The SNP blogosphere counts its chickens................ #sp11

There's been a lot of excitement in the SNP section of cyberspace - with a bit of cheerleading by the Greens as well - at a couple of polls published over the weekend which put them well ahead of everyone else in the Holyrood race. They are talking about the SNP beating Labour leader Iain Gray in East Lothian, of winning Orkney from us, and ousting the one really talented person on Labour's front bench, Jackie Baillie. But we know what comes after pride............

Not that they are going to listen to me, but I'd counsel caution, especially given what happened to the Liberal Democrats last year. I was firmly in the camp of "keep calm and carry on" when our poll ratings soared in the wake of Nick Clegg's fabulous performance in the first leader's debate last year. I never thought at any point that we'd get 30% of the vote, even though I thought and still think that we had the best leader and the best policies.  There's a long way to go before May 5th, which is the only poll, after all, that matters. Let me tell you why.

First of all, on the constituency seats these polls always assume a uniform swing and ignore the situation on the ground. You just can't do that as each seat is different.

Labour's campaign so far has been simply atrocious. They are losing the argument, thanks to Tavish Scott and the Liberal Democrats, on a single national police force, they have been all over the place on their flagship policy to imprison anyone convicted of carrying a knife, against the advice of those who understand these things. They have no idea how many extra prison place would be required. There were around 3900 convictions for this last year, but Labour think they'd only need 500, or 1000 places, depending on who you listen to. And Richard Baker admitted on Newsnight last week that he'd picked up the £500 million supposed costs to the NHS of knife crime from inaccurate press reports. Their plans to centralise social work budgets have been trashed by COSLA, vindicating Tavish Scott's position. In the words of Malcolm Tucker, Labour's campaign has been an omni-shambles from day one. Actually Tucker would use more words, but I'm writing this before the watershed...

Labour often fight useless campaigns though. Last year their main reason for voting for them was that they weren't the Tories. This year they are trying to portray themselves as some sort of SNP-lite without the independence bit, changing their minds on things like the Council Tax freeze and free prescriptions which they failed to support in Parliament. They are trying to pretend that the total financial mess the country was left in after their 13 years in Government is nothing to do with them and that they would have made cuts that nobody would have noticed.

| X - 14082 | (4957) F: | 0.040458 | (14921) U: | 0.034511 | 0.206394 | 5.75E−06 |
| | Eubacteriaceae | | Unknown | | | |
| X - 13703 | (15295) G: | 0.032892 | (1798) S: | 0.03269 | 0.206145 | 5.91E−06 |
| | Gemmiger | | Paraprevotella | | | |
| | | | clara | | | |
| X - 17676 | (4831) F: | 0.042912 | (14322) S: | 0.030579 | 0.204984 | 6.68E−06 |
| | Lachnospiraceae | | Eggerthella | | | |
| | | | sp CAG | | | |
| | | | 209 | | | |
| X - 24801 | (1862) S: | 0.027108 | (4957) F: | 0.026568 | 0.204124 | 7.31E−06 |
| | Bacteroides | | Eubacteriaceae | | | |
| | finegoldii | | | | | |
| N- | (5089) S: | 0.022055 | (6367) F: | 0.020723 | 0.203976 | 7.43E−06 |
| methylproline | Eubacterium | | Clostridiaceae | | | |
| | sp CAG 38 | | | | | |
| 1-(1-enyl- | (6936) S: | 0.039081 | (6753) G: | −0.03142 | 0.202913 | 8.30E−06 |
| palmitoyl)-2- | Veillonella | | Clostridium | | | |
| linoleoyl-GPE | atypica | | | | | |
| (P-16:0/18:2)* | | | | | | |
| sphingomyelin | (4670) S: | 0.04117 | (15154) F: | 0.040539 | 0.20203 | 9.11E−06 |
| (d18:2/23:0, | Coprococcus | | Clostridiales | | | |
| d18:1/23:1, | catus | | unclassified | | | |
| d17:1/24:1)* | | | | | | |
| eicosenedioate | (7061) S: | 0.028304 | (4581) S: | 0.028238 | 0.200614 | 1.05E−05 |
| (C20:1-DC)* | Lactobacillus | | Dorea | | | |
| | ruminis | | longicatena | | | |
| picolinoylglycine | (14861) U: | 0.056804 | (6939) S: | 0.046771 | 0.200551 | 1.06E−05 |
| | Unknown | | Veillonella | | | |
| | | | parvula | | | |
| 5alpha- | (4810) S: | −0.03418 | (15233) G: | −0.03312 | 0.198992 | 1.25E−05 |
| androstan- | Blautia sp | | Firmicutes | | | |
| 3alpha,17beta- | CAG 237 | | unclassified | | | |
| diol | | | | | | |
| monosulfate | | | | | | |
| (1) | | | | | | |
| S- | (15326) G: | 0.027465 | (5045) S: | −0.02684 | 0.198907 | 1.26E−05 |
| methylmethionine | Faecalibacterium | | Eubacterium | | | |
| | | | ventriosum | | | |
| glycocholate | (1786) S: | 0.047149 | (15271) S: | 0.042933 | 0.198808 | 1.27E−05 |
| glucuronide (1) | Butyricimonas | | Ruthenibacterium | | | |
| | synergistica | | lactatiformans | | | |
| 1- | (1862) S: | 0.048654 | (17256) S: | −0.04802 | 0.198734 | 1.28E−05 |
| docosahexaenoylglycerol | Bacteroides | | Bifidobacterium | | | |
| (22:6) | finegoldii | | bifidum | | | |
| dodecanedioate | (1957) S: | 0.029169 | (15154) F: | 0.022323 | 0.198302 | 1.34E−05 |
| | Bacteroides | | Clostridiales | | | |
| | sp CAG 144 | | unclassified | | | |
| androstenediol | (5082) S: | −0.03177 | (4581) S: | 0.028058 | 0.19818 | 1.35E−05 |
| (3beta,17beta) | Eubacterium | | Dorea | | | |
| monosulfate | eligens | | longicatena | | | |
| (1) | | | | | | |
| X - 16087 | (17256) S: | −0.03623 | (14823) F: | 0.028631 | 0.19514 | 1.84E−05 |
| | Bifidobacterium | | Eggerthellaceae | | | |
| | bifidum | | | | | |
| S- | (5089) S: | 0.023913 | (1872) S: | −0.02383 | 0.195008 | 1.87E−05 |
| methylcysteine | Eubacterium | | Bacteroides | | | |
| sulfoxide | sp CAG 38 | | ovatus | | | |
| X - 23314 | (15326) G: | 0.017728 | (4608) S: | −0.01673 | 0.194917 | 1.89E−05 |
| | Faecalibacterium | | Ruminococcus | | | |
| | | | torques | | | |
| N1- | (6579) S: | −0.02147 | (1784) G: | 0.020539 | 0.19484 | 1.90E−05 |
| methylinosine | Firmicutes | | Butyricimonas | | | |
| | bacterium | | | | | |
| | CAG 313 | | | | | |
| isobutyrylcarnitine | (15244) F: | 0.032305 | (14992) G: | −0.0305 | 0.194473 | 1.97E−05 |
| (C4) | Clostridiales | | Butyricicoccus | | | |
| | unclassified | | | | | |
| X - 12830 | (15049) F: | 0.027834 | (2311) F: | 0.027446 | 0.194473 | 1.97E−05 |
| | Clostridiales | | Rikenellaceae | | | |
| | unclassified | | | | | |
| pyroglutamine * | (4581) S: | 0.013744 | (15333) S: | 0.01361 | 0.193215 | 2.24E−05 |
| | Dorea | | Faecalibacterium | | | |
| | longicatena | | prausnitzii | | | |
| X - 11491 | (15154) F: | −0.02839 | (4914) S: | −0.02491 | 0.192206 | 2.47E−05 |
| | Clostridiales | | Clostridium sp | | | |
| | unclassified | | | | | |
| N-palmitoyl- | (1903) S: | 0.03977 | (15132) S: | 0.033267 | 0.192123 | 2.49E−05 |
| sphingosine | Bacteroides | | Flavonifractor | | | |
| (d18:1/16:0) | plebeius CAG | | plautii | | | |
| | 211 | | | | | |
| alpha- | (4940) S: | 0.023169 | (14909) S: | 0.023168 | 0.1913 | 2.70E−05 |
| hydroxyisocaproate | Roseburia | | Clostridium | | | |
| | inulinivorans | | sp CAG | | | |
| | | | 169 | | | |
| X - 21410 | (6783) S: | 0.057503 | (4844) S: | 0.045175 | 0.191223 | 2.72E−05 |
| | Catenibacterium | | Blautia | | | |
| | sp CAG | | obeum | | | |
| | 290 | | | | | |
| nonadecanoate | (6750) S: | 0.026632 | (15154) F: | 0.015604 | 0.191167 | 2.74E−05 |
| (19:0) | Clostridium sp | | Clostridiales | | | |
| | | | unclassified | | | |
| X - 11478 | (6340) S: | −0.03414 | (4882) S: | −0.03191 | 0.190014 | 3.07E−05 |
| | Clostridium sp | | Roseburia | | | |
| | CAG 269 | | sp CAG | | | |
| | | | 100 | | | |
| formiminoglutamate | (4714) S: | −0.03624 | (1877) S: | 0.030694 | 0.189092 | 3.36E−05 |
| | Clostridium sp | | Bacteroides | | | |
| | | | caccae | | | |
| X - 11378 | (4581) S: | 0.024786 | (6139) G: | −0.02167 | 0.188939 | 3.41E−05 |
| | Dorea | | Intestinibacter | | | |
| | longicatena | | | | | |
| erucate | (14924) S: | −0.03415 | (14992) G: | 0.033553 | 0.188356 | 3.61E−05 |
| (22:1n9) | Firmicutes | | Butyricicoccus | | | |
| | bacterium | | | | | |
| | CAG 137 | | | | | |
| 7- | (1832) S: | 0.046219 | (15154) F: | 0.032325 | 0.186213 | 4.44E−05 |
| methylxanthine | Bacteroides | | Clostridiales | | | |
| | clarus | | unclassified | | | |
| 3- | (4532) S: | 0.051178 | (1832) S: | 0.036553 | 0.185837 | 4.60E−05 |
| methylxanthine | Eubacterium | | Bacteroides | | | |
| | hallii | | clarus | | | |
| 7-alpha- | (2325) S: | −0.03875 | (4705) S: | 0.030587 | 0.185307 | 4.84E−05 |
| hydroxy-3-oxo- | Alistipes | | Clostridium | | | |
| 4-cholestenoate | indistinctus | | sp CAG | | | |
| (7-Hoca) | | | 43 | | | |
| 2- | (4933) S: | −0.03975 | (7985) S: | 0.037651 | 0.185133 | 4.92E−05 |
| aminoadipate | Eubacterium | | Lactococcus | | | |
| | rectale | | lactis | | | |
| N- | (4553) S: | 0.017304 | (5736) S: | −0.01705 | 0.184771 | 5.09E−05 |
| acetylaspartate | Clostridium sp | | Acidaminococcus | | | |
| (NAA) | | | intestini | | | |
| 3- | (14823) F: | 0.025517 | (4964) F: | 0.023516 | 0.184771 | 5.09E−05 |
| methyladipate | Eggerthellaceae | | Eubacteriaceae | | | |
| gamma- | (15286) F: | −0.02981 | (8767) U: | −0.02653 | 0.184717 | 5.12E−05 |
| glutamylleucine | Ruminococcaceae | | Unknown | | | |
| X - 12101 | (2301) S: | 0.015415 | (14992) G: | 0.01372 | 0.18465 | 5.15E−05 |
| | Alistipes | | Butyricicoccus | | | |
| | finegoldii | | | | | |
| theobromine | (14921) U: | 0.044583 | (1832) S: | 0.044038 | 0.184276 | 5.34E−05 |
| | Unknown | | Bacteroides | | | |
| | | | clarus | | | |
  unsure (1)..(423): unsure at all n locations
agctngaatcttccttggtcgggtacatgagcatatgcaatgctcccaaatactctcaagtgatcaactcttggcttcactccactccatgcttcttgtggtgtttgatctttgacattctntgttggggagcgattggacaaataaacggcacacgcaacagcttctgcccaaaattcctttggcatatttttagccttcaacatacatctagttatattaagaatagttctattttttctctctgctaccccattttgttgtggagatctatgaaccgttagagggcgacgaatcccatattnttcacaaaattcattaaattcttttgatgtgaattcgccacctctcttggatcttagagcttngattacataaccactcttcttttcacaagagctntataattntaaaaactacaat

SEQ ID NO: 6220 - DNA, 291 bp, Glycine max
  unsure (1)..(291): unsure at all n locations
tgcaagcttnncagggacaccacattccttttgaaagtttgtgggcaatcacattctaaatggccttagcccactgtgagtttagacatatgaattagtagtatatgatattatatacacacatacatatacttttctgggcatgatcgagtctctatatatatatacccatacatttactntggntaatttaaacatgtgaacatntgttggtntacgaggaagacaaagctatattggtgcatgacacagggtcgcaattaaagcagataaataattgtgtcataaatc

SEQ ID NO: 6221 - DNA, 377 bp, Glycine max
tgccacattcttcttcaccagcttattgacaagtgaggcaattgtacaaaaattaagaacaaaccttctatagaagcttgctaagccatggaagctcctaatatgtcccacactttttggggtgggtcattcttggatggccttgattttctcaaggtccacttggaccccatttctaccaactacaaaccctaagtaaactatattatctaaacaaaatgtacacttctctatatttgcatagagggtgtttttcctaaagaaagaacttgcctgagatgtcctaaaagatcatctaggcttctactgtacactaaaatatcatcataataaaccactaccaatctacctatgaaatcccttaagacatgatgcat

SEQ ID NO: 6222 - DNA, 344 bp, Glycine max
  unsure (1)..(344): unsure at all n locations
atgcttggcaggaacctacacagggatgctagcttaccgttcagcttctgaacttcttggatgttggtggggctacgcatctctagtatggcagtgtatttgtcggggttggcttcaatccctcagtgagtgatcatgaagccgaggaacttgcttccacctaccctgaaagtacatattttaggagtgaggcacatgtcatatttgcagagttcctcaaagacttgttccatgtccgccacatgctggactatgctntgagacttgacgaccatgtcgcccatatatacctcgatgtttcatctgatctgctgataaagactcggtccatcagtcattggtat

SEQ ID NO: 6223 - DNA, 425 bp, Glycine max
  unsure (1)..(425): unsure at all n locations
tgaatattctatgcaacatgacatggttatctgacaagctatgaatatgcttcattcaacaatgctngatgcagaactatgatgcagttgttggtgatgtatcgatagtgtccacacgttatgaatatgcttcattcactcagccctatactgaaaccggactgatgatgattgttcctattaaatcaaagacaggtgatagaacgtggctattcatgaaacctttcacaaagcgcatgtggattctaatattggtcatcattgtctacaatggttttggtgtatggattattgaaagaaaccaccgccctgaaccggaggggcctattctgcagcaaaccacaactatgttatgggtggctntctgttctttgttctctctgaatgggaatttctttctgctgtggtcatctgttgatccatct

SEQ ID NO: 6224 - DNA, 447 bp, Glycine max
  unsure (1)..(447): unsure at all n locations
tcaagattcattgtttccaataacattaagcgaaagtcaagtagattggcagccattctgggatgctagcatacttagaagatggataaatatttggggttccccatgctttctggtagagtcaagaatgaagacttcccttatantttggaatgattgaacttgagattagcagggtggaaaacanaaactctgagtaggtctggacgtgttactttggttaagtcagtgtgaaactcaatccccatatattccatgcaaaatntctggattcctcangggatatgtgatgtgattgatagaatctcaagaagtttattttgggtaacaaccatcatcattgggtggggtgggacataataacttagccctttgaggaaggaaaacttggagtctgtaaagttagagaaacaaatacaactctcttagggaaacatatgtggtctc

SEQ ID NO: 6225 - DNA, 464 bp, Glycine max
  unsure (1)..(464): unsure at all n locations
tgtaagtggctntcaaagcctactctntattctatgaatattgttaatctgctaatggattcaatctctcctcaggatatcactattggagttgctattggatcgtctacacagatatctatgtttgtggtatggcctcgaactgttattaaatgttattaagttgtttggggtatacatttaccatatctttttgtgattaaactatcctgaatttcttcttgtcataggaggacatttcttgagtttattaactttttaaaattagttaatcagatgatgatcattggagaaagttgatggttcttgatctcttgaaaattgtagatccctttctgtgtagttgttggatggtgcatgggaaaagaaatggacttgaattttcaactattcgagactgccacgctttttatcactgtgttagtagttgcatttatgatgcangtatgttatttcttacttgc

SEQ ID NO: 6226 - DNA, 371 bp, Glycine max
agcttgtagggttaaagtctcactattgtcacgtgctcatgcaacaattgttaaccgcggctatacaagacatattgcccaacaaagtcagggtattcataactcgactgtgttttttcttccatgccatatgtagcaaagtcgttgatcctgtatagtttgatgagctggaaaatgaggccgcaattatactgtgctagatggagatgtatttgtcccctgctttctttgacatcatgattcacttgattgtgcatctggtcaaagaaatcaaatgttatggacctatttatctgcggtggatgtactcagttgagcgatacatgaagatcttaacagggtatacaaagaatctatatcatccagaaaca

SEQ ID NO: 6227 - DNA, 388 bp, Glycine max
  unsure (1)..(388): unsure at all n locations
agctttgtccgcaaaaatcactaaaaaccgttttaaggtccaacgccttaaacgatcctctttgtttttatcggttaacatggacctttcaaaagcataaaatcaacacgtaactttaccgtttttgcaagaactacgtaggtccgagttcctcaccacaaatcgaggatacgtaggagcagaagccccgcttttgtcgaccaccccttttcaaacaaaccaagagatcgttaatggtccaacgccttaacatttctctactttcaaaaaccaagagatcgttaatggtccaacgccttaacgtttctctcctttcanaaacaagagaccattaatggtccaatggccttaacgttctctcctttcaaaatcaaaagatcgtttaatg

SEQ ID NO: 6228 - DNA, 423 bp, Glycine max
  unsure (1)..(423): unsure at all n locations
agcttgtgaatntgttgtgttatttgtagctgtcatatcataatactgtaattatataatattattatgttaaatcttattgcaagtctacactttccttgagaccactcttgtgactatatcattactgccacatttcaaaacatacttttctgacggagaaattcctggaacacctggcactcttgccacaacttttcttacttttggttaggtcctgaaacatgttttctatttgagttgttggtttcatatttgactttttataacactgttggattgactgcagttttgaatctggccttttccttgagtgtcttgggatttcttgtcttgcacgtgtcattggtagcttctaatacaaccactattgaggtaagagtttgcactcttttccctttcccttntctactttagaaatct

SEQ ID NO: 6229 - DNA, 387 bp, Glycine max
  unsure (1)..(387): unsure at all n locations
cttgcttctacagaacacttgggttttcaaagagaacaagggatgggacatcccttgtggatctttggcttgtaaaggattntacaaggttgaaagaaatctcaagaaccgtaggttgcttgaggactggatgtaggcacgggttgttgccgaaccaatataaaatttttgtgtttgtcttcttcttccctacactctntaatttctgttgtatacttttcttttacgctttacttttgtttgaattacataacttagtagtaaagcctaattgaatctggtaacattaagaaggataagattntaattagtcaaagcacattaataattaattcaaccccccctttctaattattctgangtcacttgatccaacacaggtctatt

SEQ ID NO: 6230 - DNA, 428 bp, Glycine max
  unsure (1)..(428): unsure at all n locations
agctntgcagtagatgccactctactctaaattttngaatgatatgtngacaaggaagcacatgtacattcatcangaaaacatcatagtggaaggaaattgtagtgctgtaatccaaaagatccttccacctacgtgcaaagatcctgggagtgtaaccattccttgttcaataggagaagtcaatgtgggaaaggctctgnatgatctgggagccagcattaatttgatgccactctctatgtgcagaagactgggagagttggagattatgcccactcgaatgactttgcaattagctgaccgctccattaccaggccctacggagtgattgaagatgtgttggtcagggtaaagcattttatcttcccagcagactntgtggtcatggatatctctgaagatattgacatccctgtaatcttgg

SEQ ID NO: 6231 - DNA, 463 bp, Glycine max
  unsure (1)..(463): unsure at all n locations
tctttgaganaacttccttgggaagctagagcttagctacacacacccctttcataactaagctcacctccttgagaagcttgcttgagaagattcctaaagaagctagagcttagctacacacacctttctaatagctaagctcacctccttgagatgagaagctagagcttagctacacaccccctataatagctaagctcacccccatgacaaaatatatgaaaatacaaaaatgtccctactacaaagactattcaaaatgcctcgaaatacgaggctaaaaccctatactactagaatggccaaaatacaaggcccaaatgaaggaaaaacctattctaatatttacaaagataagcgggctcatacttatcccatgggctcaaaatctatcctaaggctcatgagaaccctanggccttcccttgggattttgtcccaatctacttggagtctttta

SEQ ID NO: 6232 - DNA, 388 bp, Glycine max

One thing I've noticed in my almost 30 years of political activism is that when Labour are up against it, they get nasty and vicious. Expect over the next 10 days some heavy duty character assassinations from them. They'll also try to shift the ground on to issues like independence which most people in Scotland oppose. I wonder if they'll selectively quote Jeff from Better Nation's excited prediction that "Either way, with 8 pro-independence seats amongst the Greens and Margo, this poll on its own suggests that an independence referendum will happen in the next parliamentary term" leaving off the rest of the sentence which implies that he thinks Scotland will vote against going it alone.

I don't think that the Scottish people are quite that stupid. Nobody's going to believe that Salmond's going to declare UDI. The worst that can happen is that we'll waste some time and effort on a referendum that most people don't want. I've always said that I'm pretty relaxed about the prospect and if it happened, I'd spend my time making the No campaign positive, inspirational and ambitious.

The air war stuff is important, but it's not the only decider. If there's one thing that Labour is good at, it's getting their vote out in the places that matter on the day. And they are probably better at that than any other party. You can bet your life that they'll spend 5th May going round the doors in key areas for them telling people that they can get rid of the Coalition at Westminster if they vote Labour - which would, of course, be a complete and utter lie as this election is for the Scottish Parliament and won't influence the 5 year coalition agreement one bit. They'll go round telling people that they need to vote Labour to stop independence.

As for the Greens, when people get to realise that their proposals for Land Value Taxation are going to hit pensioners, students, people who rent their homes, single parents and people who live in city centres hard, I don't expect that their vote will go up by as much as they think. I don't remember them being particularly constructive or achieving anything during the time in Parliament when they had 6 MSPs either. I can't see the point of voting for them.

And, quietly, maybe a bit more quietly than I'd like, the Scottish Liberal Democrat position on a whole load of key issues in this election is being backed up. The Scottish Police Federation overwhelmingly voted against a single police force, and the CPPR verified our spending approach,  It goes to show that we have a credible set of ideas and proposals. What we need in the last 10 days is to get them out there with confidence and passion. There's two leader's debates coming up on 1st and 3rd May.  I don't think anything on this planet makes Tavish more passionate than the idea of a political power grab to the centre. He needs to talk about keeping services local, a lot. He needs to talk about how his upbringing at the heart of a strong community shaped his outlook and his belief that people should have a say in the services they have, not just take what they're given by a remote state.  He needs to talk about ambition, and hope and the positive future for Scotland we see.